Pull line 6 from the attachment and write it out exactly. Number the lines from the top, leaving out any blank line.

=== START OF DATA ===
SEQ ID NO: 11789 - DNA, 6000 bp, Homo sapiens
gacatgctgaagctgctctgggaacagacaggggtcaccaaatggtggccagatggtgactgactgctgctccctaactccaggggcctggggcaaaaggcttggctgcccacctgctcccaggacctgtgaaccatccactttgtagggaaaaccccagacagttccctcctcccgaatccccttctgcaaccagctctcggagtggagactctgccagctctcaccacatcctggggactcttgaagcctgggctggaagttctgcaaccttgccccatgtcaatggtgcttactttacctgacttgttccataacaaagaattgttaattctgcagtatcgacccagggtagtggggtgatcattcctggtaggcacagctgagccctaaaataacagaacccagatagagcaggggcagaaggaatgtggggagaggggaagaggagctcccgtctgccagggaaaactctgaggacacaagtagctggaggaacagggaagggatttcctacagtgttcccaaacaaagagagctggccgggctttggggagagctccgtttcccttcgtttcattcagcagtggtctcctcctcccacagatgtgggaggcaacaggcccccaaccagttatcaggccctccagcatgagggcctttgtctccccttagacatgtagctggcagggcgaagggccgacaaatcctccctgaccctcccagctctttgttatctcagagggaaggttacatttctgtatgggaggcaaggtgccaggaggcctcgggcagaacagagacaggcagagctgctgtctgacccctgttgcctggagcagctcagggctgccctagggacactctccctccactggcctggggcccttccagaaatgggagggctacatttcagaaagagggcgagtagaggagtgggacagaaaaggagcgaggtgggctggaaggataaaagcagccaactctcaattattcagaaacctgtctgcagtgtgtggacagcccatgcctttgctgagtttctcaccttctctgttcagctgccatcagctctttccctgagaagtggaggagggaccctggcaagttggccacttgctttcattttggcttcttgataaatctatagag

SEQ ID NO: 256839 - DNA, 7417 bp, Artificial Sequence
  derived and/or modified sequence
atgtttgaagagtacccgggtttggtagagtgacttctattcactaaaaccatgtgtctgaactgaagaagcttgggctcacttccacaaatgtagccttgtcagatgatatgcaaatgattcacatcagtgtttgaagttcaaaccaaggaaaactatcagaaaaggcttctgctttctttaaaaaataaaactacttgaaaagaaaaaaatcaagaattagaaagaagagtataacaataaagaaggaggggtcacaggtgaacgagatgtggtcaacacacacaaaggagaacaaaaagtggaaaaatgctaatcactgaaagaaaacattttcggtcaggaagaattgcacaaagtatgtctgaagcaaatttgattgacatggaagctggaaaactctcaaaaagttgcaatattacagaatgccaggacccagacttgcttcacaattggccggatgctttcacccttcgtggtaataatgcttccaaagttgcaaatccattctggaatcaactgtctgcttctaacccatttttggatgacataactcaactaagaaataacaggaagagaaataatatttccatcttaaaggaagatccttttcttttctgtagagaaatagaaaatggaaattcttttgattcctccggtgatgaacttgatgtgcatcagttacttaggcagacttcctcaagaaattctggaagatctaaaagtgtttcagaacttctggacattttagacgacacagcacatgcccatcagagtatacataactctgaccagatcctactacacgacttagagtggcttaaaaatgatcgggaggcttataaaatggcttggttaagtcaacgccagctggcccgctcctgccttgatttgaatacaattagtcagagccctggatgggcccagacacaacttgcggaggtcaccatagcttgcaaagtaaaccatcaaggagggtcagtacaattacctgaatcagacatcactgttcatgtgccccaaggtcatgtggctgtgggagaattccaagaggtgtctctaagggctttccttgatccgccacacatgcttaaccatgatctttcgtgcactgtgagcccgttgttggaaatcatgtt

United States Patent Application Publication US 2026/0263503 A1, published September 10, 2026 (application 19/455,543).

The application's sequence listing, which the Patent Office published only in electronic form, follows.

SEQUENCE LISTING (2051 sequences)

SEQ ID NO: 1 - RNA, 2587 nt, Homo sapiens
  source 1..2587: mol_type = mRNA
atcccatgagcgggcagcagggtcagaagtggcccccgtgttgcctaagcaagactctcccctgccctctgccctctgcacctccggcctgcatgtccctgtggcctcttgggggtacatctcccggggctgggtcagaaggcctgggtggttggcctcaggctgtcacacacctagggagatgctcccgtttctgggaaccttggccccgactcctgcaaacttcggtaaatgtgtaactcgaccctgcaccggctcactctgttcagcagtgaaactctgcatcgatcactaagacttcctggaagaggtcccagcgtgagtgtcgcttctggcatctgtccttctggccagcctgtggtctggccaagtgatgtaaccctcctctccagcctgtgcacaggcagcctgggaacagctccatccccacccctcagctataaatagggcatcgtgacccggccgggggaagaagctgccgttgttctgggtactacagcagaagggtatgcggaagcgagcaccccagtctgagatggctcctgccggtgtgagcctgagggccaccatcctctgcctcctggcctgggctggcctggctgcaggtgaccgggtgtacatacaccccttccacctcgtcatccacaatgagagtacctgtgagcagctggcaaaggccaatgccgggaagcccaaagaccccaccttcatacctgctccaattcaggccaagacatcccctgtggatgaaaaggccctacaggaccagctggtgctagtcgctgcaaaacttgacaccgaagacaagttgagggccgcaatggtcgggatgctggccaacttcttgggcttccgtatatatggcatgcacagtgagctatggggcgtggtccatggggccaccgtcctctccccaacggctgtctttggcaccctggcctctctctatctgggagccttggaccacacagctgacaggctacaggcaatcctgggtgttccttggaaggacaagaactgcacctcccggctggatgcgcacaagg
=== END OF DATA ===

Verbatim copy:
United States Patent Application Publication US 2026/0263503 A1, published September 10, 2026 (application 19/455,543).